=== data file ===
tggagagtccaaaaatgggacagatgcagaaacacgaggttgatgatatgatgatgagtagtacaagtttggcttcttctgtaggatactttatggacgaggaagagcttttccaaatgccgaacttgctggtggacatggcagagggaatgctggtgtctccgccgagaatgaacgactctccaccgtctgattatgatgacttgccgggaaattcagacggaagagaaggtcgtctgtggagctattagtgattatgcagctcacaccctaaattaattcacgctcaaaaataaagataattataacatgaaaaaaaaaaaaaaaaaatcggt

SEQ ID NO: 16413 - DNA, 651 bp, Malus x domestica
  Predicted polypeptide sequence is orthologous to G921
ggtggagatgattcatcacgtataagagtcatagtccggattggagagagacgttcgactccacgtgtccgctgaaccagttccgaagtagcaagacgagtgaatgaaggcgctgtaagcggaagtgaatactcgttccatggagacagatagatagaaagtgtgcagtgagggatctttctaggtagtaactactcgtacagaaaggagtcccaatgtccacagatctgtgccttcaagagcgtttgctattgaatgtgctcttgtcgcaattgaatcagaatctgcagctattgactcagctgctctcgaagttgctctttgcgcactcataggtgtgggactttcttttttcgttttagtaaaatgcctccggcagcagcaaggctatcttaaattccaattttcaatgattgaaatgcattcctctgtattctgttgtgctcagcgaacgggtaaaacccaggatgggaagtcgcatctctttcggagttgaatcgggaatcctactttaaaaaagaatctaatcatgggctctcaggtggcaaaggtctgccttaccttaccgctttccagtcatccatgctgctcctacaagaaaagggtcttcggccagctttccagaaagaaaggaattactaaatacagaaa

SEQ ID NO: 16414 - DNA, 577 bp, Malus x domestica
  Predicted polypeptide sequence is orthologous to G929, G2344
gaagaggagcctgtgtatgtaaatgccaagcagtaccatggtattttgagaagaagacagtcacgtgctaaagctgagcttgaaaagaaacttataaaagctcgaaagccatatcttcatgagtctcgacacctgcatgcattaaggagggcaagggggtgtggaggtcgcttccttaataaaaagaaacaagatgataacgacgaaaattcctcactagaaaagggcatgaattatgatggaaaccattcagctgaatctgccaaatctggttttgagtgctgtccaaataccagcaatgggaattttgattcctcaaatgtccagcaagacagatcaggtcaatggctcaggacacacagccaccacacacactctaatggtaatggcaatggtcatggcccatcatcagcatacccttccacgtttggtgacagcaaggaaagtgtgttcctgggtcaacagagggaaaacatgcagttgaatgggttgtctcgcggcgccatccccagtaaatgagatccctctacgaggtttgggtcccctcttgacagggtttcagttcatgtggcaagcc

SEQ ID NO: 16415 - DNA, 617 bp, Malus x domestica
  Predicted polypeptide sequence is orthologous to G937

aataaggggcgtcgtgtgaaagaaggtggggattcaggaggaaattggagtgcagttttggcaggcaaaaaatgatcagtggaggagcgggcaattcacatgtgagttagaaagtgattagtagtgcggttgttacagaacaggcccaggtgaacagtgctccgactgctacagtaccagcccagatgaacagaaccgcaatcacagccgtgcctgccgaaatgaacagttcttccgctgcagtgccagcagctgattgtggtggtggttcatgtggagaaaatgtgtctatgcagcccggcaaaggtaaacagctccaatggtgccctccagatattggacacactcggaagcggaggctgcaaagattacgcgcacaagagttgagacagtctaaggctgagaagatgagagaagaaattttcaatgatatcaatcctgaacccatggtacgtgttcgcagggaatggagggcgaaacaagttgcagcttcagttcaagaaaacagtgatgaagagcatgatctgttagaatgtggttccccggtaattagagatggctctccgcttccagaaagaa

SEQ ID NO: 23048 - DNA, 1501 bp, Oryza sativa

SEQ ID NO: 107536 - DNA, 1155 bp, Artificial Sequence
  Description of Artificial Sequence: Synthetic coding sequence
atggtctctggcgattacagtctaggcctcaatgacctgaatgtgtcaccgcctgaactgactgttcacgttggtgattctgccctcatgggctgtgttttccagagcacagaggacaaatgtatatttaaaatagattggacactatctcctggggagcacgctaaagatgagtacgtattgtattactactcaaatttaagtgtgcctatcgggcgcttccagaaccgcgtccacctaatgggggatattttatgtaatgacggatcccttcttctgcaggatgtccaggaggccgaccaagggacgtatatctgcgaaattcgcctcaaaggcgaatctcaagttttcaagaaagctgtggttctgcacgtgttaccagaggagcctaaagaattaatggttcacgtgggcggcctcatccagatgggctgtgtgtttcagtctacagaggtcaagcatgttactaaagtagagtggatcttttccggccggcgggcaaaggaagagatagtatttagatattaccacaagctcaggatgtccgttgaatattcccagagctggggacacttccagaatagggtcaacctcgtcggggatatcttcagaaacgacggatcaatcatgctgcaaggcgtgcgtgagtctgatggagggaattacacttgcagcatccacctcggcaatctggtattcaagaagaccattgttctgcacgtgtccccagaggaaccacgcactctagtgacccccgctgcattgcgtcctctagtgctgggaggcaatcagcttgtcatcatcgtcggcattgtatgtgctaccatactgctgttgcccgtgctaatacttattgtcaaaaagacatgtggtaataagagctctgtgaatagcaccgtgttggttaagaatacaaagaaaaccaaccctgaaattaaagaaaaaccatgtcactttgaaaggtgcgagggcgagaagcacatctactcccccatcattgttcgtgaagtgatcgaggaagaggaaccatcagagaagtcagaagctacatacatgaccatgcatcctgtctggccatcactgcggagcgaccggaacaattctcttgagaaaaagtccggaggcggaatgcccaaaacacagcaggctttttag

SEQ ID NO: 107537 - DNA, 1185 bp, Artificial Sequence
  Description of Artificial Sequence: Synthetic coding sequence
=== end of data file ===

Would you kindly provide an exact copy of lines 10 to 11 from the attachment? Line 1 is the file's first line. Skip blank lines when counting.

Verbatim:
aataaggggcgtcgtgtgaaagaaggtggggattcaggaggaaattggagtgcagttttggcaggcaaaaaatgatcagtggaggagcgggcaattcacatgtgagttagaaagtgattagtagtgcggttgttacagaacaggcccaggtgaacagtgctccgactgctacagtaccagcccagatgaacagaaccgcaatcacagccgtgcctgccgaaatgaacagttcttccgctgcagtgccagcagctgattgtggtggtggttcatgtggagaaaatgtgtctatgcagcccggcaaaggtaaacagctccaatggtgccctccagatattggacacactcggaagcggaggctgcaaagattacgcgcacaagagttgagacagtctaaggctgagaagatgagagaagaaattttcaatgatatcaatcctgaacccatggtacgtgttcgcagggaatggagggcgaaacaagttgcagcttcagttcaagaaaacagtgatgaagagcatgatctgttagaatgtggttccccggtaattagagatggctctccgcttccagaaagaa

SEQ ID NO: 23048 - DNA, 1501 bp, Oryza sativa